3 ways to work with your negative feelings
Pluralism is a therapy modality that offers clients more choices in how they tackle their difficulties. In this article, I will provide three ways that you can work with your negative feelings. Feel free to use whatever you find helpful, as these techniques are not mutually exclusive.
Cognitive behavioural therapy (CBT) argues for the general proposition that our feelings are inextricably connected to our thoughts. If our thoughts are biased in a negative direction, then, according to CBT, our feelings will be what is called negative.
No doubt the connection between feelings and thoughts is complex, but it is not too contentious an idea to propose that our thinking-particularly those automatic thoughts that pop into our heads, does influence our feelings. Feelings are evaluations of our world, and thus thought plays a prominent role in how we construe, on an emotional level a situation.
Given this idea, one way of working with our negative feelings is to amend the cognitive component of the emotion so that the emotion itself changes.
Here are two ways that this can be achieved:
a) Negative feelings that disturb the individual tend to involve what can be called 'extreme thinking'. Such thinking tends to construe events or even feelings in an all-or-nothing, either/or fashion (i.e. an event is either brilliant or terrible, you either achieve a goal or are a complete failure and so on). Since there is no middle ground, your emotional responses tend to be overly strong and it is hard to maintain a degree of equilibrium.
An alternative way to construe events is in terms of percentages or probabilities. For example, instead of saying that a B grade was a failure, you can say that you succeeded by 65%; likewise, instead of saying that you'll never get a better job, say that it seems unlikely at the moment that you'll get a better job (if this is true, then examining the reasons and taking corrective measures seems in order.)
These changes might seem small, but regularly practicing this way of interpreting events should make your reactions to events less 'explosive'.
b) One of the standard questions in CBT treatment is, where is the evidence? (for a negative belief.) This question is asked as it encourages you to think about how well your belief corresponds to the facts of the situation. For example, when we are depressed, we see everything through dark glass, and so we might overlook features of the situation that point to a different, even more modest, interpretation of what has happened. If we can see that there is little evidence for what we thought, or not as much as we had imagined, then the negative feeling tied to these thoughts tends to quieten down.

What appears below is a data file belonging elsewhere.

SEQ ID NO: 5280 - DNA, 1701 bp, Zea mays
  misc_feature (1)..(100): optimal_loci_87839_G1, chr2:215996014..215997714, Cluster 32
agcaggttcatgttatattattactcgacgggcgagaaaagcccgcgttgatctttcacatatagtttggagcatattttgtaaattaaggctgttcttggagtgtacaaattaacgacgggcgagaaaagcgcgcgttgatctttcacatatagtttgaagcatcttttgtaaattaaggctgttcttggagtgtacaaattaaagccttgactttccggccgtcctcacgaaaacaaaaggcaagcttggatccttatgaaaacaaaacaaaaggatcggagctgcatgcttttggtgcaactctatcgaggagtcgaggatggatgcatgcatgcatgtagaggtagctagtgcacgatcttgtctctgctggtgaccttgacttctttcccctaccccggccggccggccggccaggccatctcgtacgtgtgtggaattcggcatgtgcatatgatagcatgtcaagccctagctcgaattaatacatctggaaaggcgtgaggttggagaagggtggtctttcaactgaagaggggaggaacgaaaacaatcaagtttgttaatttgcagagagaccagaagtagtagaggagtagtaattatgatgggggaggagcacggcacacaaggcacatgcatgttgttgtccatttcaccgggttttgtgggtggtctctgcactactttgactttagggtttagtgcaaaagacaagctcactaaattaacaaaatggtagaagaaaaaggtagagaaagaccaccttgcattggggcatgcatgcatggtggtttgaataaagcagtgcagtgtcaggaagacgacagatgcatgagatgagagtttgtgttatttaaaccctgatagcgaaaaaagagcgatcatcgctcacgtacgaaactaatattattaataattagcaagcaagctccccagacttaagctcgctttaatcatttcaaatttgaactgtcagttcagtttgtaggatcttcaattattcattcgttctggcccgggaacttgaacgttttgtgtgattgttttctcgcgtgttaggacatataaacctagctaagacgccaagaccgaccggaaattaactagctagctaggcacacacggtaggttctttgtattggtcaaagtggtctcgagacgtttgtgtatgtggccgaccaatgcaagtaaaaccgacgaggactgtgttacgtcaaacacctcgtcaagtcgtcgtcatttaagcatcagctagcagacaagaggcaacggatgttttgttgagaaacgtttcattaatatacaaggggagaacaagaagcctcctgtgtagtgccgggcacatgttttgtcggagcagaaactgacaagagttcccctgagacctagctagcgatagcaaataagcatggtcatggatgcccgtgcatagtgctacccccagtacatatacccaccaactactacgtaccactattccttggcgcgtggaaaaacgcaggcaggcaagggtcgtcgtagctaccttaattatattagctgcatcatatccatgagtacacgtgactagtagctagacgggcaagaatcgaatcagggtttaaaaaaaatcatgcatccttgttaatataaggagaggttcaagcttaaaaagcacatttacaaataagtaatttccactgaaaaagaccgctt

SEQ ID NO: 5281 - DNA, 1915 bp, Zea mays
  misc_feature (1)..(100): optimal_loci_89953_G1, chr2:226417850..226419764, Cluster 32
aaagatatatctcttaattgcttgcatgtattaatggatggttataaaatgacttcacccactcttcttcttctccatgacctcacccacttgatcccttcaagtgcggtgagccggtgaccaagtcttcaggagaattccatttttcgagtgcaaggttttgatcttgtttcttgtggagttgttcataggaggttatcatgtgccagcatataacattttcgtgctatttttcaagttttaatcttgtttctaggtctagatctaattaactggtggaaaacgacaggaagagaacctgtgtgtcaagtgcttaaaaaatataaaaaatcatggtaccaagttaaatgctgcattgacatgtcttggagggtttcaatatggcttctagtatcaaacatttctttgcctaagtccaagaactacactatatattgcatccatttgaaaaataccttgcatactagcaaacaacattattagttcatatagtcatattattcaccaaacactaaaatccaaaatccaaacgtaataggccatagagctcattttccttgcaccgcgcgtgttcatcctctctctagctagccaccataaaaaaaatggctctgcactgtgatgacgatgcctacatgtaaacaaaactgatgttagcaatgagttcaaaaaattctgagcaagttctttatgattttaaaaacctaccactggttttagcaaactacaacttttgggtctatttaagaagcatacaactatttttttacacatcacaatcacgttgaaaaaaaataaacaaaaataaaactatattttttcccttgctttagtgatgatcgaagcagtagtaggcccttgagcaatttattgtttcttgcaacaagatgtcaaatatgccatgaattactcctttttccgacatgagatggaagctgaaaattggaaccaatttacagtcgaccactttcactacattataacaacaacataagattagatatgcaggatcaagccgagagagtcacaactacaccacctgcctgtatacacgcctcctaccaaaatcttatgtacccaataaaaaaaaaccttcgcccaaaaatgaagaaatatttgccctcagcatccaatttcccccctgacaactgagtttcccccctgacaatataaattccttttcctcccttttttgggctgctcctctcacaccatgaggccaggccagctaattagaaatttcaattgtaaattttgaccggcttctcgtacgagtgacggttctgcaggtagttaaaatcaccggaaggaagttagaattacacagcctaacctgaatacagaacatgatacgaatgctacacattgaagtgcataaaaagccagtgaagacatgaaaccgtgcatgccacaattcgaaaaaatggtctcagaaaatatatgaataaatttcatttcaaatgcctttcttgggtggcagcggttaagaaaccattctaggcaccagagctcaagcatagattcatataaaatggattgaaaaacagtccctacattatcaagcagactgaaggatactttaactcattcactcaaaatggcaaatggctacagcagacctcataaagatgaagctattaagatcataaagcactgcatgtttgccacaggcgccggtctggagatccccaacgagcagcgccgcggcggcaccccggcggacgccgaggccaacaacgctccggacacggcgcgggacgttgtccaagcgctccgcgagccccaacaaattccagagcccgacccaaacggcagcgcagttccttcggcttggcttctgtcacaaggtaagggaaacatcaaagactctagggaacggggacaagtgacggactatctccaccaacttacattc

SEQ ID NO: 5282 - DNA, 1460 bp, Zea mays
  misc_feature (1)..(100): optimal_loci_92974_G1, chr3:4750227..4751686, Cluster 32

Related to the above question is what could be called the process of trying to 'falsify' our negative beliefs. When we are in a certain mood, we tend to look for evidence that supports that mood (and such a search can happen unconsciously as well). But an alternative presents itself: ask yourself instead 'What reasons are there for not believing these negative thoughts?' If you can come up with compelling reasons for not believing these thoughts, then the emotions attached to them tend to change too.
A different approach to feelings is that instead of trying to amend the negative thinking related to the negative emotions, this technique is all about validating the feelings. This approach tends to be popular in person-centred therapy (where it is seen not so much as a technique as a way of being) and in dialectical behaviour therapy (DBT).
Before looking at the 'how' it is useful to consider the 'why'. The rationale behind this approach is that validating feelings not only can calm a negative feeling, but it can also provide you with valuable information regarding your interactions with the world. Feelings, according to this model, are like a messenger that shouts until they are heard and their message is valuable to hear.
Regarding the 'how', there are three steps to validating feelings: